Public Information Manager/City of Milwaukee
Milwaukee Common Council members JIM BOHL and MICHAEL J. MURPHY invite interested residents and business leaders to attend a community meeting on MONDAY EVENING, NOVEMBER 16, to discuss an ongoing commercial corridor snapshot planning study regarding the future of the Burleigh Street and Lisbon Avenue business corridors, between N. 68th and N. 93rd Streets.
Alderman Bohl and Alderman Murphy launched the study to guide the short- and long-term improvement of the business strips. The goal is to bring together area residents, businesses and real estate brokers, along with city departments, to spearhead a business corridor plan that will
assist brokers in attracting businesses the area wants.
“I hope that residents and business leaders with an interest in these corridors can make plans to attend this meeting and help us maximize neighborhood input into business planning for the area,” Alderman Bohl said. “With the knowledge we gain from this process, we can help the Burleigh and Lisbon commercial districts thrive.”
Alderman Murphy said Monday’s meeting will include discussion of the results gathered by a recent Department of City Development survey, as well as the potential to use streetscaping improvements to make the area more customer- and pedestrian-friendly.
WHAT: BUSINESS CORRIDOR PLANNING MEETING
WHEN: 6:30 P.M. ON MONDAY, NOVEMBER 16
WHERE: MILWAUKEE SCHOOL OF LANGUAGES 8400 W. BURLEIGH ST.
The Wisconsin Chapter of the Justinian Society of Lawyers, an affiliate of the national Italian American Bar Association, has named the HONORABLE DEREK C. MOSLEY Jurist of the Year. The award will be presented on October 9, at the Justinian Columbus Day Celebration and Awards Banquet, to be held at the downtown Wisconsin Club.
Jurist of the Year is awarded based on leadership, community service, integrity, and contributions to the legal community and the citizens they serve. Commissioner Joseph G. Alioto cited “Judge Mosley was an overwhelming and unanimous selection.”
Since its founding, this institution has become one of the largest ethnic bar associations in the United States. Its members are among the most active and influential in the legal profession — engaged in activities fostering a spirit of good fellowship, maintaining honor and dignity of the legal profession, participating in civic and community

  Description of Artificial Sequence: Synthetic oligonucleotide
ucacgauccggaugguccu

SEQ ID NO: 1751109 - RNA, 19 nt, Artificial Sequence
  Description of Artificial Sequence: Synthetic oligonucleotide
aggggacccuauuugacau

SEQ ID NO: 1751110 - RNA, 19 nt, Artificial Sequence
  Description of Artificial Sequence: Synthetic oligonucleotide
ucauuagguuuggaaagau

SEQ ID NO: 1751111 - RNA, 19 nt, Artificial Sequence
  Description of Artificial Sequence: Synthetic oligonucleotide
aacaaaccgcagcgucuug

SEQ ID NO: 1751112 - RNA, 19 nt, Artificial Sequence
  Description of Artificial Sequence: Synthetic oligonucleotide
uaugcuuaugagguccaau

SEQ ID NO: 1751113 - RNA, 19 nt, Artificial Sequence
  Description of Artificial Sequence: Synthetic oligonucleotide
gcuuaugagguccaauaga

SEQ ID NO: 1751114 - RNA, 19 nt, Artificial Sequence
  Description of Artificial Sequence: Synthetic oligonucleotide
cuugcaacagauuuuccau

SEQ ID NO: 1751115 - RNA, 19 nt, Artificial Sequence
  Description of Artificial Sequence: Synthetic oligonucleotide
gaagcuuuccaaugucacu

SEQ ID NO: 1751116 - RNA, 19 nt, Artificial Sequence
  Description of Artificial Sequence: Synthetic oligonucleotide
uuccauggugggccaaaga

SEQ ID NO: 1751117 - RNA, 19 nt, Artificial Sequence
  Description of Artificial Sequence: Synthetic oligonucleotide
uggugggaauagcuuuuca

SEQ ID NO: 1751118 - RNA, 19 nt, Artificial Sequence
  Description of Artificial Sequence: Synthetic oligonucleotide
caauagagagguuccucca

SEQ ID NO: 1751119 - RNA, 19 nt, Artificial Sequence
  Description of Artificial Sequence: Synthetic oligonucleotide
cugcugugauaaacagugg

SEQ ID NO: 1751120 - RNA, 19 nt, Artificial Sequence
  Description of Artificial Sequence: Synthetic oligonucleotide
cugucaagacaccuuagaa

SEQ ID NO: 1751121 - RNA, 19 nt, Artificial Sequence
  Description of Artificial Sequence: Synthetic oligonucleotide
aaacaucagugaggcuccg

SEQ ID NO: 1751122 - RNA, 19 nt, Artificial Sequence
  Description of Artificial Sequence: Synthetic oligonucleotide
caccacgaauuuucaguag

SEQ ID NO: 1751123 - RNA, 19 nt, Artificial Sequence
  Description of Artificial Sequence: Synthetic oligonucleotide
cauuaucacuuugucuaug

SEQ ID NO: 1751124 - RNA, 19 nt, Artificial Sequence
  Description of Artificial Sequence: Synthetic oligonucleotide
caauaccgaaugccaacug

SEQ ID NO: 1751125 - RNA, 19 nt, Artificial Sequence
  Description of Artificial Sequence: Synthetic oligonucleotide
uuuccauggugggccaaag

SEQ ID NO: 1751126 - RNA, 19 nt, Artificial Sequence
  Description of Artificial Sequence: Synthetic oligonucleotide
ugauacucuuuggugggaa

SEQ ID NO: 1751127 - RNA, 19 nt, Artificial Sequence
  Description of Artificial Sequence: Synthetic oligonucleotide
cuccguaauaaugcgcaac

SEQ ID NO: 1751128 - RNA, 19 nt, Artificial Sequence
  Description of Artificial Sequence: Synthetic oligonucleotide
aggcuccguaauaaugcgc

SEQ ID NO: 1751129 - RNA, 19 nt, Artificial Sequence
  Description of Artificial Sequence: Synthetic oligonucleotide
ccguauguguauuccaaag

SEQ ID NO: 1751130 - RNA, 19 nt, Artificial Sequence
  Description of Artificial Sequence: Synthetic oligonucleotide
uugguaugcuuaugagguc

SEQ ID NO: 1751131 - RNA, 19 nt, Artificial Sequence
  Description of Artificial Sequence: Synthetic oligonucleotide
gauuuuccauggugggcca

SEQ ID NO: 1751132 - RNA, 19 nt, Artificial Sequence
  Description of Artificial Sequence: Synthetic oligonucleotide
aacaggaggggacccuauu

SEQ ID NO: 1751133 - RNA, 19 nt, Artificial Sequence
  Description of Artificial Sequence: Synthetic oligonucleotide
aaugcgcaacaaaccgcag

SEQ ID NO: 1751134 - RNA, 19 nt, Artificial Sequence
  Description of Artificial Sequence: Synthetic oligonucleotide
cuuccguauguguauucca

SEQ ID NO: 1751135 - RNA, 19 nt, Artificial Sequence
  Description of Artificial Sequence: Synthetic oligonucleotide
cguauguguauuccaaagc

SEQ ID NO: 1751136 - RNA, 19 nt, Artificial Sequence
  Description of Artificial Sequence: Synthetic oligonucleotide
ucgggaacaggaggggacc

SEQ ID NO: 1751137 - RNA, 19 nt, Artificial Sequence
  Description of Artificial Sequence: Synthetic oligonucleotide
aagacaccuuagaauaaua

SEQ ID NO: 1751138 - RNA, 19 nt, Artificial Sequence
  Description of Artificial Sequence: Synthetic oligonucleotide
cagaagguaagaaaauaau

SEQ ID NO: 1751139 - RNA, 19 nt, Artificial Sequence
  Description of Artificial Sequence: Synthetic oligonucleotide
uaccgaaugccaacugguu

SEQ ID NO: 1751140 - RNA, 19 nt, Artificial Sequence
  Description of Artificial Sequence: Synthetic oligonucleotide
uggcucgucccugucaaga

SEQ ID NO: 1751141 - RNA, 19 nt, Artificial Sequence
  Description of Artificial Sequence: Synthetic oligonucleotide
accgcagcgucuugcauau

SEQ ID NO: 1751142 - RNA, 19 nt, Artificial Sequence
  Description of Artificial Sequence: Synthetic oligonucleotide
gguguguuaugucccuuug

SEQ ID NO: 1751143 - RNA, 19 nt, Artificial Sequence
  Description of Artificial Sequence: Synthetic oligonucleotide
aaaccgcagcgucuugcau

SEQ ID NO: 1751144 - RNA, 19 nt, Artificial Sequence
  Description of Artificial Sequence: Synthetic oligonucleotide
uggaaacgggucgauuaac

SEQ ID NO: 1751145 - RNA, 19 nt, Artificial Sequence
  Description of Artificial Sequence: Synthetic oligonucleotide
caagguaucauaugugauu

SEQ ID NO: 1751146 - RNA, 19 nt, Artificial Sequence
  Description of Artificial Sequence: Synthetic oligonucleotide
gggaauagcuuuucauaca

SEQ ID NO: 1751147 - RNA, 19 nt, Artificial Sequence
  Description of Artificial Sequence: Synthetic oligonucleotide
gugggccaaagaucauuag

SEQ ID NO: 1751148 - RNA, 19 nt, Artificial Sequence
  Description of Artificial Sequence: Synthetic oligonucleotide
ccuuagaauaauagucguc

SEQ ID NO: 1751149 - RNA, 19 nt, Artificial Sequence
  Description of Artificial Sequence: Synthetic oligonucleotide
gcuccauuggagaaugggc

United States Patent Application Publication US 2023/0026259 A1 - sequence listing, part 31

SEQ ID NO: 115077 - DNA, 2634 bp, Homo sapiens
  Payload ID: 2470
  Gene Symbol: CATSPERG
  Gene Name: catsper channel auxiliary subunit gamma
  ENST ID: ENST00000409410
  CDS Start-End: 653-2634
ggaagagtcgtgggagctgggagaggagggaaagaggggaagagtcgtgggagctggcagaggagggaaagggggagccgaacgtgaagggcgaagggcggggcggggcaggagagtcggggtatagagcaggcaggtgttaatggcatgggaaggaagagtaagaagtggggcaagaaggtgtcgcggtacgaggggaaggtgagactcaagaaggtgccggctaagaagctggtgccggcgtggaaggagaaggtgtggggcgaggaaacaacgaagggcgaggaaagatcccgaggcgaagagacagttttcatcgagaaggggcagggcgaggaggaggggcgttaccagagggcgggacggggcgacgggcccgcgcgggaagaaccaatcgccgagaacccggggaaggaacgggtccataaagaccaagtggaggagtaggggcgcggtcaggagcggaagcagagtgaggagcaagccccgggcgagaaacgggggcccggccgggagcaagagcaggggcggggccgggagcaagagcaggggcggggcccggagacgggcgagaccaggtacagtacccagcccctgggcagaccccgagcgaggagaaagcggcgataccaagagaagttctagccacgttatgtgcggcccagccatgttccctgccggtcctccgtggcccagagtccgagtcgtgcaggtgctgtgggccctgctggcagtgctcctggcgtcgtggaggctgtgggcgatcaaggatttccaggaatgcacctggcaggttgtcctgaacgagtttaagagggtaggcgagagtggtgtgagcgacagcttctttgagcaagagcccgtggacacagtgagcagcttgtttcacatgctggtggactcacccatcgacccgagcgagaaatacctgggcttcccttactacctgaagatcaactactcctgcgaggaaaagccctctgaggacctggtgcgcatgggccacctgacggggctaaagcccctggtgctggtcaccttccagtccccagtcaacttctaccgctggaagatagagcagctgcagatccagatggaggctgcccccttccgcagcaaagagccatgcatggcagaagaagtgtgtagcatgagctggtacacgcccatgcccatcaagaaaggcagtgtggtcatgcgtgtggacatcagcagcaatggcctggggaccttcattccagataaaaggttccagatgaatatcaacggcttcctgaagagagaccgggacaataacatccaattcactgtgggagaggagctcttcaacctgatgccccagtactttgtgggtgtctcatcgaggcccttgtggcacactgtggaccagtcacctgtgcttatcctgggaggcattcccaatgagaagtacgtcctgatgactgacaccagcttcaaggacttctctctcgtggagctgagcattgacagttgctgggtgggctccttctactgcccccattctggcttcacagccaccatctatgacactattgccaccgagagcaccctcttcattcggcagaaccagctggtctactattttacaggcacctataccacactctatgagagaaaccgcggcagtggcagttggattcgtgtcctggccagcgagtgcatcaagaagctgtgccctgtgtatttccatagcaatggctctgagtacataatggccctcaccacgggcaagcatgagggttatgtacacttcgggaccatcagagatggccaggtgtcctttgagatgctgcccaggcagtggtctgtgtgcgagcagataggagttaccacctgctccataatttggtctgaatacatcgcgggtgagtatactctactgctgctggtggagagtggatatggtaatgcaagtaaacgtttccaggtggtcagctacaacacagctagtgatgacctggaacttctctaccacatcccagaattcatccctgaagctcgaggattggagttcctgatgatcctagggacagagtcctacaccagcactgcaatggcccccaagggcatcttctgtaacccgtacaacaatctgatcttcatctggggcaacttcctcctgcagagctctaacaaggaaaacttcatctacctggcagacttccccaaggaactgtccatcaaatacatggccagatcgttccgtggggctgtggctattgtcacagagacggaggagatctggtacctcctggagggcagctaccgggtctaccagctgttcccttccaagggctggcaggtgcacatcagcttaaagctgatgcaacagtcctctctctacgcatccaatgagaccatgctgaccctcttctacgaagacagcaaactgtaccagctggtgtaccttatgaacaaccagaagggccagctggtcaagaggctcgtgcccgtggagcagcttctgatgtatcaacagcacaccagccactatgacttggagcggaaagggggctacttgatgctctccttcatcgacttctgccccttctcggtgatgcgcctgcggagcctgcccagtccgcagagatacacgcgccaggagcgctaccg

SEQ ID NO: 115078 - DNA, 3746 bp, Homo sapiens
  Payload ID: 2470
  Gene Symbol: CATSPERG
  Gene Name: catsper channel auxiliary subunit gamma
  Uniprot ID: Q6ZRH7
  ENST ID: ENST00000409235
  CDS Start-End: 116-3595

affairs, administering justice, and promoting the study of law.
Judge Mosley was appointed by the Milwaukee Common Council to fill the vacancy in Branch 2, and his tenure started on August 1, 2002. From 1995 until his appointment to the bench, he served as an Assistant District Attorney for Milwaukee County, where he represented the State of Wisconsin in over 1,000 criminal prosecutions.
Ald. Willie C. Wade
Milwaukee Common Council members Willie C. Wade and Russell W. Stamper, II will be among the guests participating Saturday in an event to educate young people about the dangers of driving while distracted.
Activities will include a mock car crash, mock funeral, mock trial, workshops, food, music and entertainment, all designed to illustrate to teenagers the importance of driving carefully and attentively. The activities are being coordinated by Cynthia Williams of the Christopher Allen Williams Foundation and Parents Against Distracted Driving, and Aldermen Wade and Stamper will speak to participants as a part of the day’s lineup.
“Though they might think they’re invincible, young drivers are among the most vulnerable to the dangers of driving while distracted,” Alderman Wade said. “We welcome the opportunity to highlight these dangers in a way that will grab their attention.”
“It’s dangerous enough to get behind the wheel of a car as a young person without all the distractions today’s youth face,” Alderman Stamper said. “I hope this event opens some eyes about how quickly something can go wrong and how deeply it can change your life.”